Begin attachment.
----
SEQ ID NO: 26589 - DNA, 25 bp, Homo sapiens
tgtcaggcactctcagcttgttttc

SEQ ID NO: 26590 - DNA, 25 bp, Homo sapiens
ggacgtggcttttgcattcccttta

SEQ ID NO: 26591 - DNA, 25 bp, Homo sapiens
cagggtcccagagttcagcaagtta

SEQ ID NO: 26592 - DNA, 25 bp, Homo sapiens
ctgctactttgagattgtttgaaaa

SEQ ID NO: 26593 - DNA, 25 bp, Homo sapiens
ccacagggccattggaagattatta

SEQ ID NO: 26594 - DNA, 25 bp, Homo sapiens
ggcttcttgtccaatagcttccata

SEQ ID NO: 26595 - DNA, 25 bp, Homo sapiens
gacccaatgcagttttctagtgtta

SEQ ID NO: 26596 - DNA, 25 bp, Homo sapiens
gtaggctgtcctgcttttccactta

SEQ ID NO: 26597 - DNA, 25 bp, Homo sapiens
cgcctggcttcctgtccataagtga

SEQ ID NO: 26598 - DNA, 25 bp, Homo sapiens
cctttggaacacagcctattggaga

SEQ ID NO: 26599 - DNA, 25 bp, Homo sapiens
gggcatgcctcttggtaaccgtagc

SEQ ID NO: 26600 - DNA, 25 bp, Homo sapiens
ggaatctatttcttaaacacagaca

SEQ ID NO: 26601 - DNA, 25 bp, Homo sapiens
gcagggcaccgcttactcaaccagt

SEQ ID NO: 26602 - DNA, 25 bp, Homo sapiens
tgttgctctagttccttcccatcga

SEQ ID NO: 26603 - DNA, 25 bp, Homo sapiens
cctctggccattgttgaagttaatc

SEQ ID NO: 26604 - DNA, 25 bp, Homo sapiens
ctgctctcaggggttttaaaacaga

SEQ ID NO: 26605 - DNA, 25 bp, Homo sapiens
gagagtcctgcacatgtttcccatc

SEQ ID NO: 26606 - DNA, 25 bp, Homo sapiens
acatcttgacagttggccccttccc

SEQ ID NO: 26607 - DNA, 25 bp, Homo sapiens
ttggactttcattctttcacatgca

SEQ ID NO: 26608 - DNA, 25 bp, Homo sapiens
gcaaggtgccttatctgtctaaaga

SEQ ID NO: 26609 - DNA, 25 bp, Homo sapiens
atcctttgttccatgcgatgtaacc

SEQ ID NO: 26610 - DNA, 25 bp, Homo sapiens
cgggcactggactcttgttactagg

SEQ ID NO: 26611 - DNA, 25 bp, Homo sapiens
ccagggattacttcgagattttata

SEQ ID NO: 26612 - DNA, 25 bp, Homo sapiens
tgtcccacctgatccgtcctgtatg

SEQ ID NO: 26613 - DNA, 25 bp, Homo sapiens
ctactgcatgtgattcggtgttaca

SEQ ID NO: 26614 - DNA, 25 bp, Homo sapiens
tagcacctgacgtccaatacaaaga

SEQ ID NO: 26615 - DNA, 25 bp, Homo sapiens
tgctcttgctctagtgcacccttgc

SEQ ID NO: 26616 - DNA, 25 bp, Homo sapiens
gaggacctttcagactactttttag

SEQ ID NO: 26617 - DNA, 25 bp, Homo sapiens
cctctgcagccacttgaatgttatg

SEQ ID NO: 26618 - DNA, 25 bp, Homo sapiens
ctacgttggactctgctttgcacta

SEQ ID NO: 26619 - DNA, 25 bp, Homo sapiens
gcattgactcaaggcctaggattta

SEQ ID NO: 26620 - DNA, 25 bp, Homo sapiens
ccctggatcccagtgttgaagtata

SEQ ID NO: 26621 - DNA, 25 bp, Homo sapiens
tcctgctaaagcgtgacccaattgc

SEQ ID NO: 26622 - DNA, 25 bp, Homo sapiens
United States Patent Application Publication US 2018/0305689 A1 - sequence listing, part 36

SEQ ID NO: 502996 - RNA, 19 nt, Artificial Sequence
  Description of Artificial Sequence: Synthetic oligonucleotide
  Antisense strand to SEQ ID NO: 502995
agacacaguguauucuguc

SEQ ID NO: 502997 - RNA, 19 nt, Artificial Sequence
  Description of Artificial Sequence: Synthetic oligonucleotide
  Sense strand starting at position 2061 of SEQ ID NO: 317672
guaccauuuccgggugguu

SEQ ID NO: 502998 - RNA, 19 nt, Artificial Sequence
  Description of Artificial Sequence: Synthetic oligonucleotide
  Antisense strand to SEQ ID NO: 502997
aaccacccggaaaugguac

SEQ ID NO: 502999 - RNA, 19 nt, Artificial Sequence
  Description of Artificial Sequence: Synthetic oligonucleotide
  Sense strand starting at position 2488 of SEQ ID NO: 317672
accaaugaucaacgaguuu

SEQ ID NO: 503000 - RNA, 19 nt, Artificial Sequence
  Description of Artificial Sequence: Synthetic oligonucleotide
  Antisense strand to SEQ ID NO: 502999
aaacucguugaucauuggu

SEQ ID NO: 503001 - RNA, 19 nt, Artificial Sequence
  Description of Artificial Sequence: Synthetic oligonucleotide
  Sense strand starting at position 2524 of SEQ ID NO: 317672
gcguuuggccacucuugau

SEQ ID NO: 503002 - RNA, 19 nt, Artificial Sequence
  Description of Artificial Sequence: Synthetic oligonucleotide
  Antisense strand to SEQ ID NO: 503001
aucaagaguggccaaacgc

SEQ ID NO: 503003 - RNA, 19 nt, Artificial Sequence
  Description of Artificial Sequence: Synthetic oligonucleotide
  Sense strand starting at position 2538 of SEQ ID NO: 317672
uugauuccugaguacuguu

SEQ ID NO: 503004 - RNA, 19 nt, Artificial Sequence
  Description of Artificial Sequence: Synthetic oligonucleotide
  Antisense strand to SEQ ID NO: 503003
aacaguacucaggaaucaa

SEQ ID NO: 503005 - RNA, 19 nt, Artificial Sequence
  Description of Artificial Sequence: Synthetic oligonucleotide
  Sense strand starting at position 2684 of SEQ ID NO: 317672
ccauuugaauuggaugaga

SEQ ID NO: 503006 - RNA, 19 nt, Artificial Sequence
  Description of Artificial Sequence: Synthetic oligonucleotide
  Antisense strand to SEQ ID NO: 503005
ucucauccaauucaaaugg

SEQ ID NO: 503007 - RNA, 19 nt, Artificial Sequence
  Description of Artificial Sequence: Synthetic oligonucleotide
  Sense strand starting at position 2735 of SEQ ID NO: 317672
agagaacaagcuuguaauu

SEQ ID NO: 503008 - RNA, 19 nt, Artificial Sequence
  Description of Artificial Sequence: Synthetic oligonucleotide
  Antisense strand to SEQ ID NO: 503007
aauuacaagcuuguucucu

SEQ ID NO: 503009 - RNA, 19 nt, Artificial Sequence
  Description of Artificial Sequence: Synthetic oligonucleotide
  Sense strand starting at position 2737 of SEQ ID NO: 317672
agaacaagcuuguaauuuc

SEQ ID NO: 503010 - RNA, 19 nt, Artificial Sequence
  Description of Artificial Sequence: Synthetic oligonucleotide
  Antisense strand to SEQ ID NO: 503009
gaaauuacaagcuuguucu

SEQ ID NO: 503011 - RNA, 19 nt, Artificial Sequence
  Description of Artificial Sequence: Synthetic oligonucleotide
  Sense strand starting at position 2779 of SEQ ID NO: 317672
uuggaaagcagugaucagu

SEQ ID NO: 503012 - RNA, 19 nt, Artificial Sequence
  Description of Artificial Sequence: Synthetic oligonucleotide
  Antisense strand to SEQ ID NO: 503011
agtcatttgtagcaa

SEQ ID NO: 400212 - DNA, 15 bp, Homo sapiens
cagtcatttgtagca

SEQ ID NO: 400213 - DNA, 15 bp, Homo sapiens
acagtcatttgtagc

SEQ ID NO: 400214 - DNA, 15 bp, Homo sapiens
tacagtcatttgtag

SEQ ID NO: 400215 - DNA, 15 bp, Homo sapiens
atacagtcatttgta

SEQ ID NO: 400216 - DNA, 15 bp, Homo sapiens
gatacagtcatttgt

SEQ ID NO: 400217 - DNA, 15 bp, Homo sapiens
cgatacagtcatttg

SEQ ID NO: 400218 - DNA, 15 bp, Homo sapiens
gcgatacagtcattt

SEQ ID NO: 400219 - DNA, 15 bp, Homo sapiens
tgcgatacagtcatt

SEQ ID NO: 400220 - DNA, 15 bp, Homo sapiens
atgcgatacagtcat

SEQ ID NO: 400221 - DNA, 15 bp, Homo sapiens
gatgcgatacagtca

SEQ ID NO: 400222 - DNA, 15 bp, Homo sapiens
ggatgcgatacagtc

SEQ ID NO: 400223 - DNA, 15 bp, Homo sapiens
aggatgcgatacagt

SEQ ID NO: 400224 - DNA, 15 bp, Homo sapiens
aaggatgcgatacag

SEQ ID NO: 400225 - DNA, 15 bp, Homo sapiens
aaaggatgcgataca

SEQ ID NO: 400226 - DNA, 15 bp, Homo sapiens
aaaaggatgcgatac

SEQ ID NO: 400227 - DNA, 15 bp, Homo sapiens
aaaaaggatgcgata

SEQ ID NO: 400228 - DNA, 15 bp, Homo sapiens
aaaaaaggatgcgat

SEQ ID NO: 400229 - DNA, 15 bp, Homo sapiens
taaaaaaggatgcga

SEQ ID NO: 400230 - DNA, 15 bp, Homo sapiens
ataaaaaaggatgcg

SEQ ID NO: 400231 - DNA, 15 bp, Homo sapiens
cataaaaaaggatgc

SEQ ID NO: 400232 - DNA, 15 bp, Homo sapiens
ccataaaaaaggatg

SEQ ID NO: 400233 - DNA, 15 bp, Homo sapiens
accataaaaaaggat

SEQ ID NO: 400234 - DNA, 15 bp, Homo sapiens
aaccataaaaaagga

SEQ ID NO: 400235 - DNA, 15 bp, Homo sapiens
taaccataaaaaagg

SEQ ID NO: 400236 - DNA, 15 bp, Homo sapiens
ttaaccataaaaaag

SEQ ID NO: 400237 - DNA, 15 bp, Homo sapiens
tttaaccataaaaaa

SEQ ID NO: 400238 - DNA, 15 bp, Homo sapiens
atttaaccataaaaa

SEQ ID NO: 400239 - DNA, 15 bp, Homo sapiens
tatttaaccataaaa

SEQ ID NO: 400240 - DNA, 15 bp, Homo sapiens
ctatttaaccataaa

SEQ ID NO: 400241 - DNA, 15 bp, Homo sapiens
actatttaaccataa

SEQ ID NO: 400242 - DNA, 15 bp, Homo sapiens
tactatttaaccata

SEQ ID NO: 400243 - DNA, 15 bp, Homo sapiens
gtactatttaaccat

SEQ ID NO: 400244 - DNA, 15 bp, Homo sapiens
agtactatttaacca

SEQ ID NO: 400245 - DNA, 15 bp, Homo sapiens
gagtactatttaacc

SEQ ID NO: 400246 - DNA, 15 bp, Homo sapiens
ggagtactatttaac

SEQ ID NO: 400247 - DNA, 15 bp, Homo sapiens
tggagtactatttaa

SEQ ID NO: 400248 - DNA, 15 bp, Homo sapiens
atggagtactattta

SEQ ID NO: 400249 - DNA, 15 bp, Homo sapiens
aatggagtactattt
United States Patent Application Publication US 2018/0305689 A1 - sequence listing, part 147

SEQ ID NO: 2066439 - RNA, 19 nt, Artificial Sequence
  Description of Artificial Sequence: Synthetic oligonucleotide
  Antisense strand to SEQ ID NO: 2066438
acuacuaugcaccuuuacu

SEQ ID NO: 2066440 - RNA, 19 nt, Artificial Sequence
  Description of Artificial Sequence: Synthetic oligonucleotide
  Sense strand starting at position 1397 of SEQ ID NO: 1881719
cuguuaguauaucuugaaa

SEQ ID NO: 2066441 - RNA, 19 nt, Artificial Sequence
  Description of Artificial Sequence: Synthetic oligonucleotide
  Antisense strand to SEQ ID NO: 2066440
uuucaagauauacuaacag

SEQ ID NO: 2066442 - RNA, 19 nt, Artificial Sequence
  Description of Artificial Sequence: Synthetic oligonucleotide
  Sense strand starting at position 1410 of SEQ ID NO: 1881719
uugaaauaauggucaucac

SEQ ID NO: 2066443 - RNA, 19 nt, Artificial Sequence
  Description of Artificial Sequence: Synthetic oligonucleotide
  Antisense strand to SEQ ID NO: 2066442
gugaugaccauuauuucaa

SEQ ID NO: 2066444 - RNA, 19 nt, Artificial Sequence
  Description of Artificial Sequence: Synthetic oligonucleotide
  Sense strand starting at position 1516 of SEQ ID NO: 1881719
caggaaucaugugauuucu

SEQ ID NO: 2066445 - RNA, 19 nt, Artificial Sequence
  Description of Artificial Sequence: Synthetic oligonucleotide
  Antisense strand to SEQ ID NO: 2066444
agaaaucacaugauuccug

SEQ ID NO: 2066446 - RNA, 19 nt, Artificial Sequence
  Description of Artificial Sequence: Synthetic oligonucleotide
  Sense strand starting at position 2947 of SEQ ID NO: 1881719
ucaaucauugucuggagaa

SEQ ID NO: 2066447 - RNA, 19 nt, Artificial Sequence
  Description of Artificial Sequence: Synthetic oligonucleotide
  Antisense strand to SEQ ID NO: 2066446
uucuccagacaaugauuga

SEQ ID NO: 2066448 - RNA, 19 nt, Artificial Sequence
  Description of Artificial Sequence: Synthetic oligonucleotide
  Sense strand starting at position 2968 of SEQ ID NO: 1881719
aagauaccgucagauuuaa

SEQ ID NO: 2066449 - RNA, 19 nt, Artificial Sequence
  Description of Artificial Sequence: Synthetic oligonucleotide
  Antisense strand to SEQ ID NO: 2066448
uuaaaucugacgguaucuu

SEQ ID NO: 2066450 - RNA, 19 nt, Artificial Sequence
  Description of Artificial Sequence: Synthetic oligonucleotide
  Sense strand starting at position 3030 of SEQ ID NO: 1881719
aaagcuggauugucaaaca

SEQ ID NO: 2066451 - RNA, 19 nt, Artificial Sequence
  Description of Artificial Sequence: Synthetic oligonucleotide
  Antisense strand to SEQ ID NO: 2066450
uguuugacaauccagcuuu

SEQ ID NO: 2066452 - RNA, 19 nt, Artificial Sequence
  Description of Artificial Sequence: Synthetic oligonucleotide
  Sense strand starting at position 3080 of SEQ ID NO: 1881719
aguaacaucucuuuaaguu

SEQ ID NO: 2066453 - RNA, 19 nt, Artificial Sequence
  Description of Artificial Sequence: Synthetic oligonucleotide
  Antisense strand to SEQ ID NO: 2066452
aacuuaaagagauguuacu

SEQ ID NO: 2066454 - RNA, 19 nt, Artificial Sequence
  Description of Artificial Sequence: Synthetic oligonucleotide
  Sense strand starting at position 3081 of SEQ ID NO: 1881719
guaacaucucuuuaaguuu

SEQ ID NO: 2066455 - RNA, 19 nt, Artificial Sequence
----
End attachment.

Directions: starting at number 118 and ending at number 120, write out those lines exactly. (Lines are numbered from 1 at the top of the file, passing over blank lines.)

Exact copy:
  Description of Artificial Sequence: Synthetic oligonucleotide
  Antisense strand to SEQ ID NO: 503007
aauuacaagcuuguucucu